Gender norms and HIV testing/treatment uptake: Evidence from a large population-based sample in South Africa
How does the endorsement of different dimensions of gender norms by men and/or women influence their use of HIV testing and antiretroviral treatment? This question was examined using data from a 2014 population-based survey of 1053 women and 1004 men, ages 18–49, in rural South Africa. We used a global measure for views toward gender norms (the GEM Scale), plus four subsets of scale items (all reliabilities ≥ 0.7). In multivariate analyses using the global measure, endorsement of inequitable gender norms was associated with more testing (AOR 2.47, p < 0.01) and less treatment use (AOR 0.15, p < 0.01) among women but not men. When examining specific subsets of inequitable norms (e.g., endorsing men as the primary decision-maker), decreased odds of treatment use was found for men as well (AOR 0.18, p < 0.01). Careful attention to the role specific gender norms play in HIV service uptake can yield useful programmatic recommendations.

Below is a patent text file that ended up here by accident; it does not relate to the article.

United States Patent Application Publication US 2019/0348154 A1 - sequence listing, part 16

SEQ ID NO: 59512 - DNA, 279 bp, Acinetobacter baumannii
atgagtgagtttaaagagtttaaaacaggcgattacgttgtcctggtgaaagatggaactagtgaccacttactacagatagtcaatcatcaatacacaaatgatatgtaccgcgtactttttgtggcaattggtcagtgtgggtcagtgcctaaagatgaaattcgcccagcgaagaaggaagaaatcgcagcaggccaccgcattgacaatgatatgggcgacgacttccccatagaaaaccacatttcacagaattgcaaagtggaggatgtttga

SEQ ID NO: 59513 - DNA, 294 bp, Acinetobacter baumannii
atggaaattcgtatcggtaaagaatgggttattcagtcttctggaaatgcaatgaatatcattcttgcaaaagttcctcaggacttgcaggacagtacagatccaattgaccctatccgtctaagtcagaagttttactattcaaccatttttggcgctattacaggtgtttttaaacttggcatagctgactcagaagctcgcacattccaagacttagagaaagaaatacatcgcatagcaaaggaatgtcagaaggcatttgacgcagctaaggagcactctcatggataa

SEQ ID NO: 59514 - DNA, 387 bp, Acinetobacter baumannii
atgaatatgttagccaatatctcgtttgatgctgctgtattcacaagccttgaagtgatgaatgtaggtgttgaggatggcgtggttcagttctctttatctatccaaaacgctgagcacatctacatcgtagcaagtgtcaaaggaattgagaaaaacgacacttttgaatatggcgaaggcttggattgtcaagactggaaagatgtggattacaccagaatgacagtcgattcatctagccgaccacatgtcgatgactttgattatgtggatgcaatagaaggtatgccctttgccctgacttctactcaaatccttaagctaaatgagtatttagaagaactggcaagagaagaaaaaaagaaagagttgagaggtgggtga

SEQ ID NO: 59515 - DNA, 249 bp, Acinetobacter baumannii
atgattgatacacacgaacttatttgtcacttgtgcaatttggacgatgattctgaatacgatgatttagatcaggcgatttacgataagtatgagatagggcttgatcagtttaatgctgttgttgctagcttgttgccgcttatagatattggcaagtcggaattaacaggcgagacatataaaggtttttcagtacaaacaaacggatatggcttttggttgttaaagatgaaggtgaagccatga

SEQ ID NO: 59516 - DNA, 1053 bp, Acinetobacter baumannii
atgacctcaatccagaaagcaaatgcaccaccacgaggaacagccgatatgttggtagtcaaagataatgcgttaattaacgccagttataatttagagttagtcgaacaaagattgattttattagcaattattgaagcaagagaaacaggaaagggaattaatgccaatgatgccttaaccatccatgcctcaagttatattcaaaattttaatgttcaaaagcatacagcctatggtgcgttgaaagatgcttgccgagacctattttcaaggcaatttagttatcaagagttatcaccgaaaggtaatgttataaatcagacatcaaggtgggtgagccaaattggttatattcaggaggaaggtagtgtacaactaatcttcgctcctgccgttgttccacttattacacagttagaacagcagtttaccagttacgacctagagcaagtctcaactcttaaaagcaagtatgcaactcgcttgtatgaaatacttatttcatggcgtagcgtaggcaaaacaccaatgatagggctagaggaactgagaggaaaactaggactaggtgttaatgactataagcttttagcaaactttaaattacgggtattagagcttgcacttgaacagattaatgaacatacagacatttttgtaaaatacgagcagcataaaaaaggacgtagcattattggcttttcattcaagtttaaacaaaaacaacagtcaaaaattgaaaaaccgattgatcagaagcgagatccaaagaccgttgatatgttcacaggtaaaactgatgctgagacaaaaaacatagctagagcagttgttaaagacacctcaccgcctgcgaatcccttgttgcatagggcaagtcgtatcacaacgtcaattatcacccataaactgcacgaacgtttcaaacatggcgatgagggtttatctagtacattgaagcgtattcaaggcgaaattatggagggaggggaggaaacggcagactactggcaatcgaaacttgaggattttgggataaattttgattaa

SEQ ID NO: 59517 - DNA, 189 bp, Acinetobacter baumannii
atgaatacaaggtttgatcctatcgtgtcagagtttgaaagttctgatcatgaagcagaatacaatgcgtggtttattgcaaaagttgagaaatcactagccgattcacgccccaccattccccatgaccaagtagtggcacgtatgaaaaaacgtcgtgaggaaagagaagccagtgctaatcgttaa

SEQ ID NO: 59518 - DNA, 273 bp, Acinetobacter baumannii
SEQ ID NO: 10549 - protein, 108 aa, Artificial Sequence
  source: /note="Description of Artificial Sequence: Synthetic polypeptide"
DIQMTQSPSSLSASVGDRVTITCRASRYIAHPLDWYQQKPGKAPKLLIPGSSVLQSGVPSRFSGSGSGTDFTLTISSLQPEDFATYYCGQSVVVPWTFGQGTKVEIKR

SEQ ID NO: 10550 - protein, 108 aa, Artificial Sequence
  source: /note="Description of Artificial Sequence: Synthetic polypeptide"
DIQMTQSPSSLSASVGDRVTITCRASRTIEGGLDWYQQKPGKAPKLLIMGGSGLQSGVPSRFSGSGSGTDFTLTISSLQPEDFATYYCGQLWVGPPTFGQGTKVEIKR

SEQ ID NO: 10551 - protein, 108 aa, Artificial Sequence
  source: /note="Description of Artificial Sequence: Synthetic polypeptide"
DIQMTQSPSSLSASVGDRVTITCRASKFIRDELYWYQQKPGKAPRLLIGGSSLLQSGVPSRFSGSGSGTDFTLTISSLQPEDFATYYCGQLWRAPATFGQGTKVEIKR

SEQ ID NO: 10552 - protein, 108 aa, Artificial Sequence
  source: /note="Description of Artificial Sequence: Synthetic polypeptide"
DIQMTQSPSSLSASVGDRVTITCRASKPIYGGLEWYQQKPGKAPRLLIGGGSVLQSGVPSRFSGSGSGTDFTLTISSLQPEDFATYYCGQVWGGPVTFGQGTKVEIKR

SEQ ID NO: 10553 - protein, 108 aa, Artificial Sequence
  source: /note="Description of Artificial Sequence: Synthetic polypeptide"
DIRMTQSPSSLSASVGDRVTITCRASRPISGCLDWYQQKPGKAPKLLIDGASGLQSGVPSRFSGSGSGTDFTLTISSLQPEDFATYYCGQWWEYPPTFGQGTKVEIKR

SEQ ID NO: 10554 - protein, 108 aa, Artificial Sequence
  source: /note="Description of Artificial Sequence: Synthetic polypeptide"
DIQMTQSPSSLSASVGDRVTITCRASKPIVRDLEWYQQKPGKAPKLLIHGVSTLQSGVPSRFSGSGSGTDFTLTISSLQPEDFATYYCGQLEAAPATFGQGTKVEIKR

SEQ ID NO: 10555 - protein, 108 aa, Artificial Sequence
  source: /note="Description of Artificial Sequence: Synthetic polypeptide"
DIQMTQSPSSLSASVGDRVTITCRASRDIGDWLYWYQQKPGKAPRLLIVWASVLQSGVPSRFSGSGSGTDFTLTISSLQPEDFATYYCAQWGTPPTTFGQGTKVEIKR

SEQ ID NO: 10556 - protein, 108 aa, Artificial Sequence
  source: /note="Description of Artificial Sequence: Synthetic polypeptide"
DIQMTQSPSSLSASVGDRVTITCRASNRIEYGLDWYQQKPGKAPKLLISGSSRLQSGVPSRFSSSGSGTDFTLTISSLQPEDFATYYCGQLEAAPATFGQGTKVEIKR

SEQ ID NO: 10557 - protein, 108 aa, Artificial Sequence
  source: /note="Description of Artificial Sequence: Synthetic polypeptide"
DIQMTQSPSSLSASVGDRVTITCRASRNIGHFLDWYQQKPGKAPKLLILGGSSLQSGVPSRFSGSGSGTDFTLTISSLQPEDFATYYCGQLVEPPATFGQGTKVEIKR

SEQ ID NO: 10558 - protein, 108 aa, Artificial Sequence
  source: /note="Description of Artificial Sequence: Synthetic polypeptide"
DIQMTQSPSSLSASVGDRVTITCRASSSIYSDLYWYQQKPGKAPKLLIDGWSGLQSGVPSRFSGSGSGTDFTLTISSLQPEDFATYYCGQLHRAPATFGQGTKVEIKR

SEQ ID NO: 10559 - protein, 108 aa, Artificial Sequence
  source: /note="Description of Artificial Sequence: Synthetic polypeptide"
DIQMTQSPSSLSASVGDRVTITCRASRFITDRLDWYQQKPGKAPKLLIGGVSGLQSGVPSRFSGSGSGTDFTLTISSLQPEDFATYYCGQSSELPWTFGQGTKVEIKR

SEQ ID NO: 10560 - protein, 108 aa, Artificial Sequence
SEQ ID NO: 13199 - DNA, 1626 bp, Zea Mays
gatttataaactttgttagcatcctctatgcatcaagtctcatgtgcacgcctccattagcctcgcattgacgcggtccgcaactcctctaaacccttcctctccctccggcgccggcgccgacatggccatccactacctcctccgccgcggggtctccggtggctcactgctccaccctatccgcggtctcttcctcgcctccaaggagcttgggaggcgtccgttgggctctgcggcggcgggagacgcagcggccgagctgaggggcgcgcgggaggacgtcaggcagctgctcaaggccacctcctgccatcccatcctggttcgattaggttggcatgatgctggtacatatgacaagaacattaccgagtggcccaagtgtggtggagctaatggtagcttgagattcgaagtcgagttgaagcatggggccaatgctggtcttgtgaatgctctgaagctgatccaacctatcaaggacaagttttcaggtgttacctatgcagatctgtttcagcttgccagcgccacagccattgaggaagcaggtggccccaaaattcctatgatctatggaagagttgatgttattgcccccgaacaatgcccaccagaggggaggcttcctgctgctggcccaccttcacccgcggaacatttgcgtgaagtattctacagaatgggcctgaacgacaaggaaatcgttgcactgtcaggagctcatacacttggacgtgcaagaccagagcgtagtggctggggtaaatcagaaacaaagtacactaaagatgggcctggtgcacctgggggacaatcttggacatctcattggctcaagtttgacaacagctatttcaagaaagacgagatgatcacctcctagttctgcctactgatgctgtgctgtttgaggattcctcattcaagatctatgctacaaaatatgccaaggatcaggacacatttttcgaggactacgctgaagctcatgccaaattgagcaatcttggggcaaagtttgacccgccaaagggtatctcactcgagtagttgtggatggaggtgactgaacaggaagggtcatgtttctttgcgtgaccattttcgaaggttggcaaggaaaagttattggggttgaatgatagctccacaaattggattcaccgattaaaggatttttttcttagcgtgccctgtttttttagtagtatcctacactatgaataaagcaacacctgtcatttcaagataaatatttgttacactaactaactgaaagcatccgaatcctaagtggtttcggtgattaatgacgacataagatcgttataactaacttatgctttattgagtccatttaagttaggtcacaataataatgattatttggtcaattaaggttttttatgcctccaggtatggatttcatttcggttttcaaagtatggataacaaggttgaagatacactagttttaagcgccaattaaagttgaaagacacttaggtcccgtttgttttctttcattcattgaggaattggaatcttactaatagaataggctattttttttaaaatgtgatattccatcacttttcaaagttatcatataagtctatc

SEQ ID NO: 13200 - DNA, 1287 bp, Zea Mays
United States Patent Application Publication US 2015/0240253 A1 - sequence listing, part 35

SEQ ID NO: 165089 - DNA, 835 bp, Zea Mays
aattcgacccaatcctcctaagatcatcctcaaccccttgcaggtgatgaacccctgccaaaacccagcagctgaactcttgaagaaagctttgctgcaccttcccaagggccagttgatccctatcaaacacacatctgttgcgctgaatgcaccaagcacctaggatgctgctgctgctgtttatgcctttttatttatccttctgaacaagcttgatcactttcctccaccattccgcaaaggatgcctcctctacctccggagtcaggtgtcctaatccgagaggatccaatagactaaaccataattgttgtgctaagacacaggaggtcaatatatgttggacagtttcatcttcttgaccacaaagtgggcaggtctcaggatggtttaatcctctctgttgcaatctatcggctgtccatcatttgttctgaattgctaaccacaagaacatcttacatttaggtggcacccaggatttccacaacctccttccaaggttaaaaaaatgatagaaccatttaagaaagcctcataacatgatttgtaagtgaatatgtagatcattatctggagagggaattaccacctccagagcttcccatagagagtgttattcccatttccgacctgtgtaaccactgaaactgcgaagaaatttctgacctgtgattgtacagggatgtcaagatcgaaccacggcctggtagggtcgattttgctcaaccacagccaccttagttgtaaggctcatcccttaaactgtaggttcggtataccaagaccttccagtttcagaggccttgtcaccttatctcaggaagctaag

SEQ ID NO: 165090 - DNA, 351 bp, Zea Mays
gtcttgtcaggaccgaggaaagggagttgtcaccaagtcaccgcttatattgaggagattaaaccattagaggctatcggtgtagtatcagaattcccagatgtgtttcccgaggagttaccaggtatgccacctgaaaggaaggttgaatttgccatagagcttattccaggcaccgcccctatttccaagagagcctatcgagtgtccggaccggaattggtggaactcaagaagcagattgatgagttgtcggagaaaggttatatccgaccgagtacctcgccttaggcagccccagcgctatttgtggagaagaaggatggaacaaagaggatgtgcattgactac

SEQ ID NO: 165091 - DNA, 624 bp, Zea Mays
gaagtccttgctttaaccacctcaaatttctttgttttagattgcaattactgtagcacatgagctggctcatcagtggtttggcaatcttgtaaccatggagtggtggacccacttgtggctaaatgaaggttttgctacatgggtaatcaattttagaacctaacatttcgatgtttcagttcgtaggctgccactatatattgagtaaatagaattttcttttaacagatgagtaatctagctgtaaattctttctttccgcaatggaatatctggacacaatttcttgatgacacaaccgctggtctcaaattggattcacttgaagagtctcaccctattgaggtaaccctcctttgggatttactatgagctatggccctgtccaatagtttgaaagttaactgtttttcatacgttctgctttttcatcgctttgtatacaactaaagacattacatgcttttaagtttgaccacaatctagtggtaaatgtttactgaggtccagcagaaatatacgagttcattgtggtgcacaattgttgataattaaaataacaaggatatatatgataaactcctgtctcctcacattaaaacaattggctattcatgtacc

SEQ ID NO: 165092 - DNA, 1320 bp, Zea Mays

Pulerwitz, Julie, Ann Gottert, Kathleen Kahn, Nicole Haberland, Aimee Julien Suarez, A. Selin, Rhian Twine, Dean Peacock, X. Gómez-Olivé, Sheri A. Lippman, and Audrey Pettifor. 2019. "Gender norms and HIV testing/treatment uptake: Evidence from a large population-based sample in South Africa," AIDS and Behavior 23(2 supplement): 162–171.
Supporting Operational AIDS Research (Project SOAR)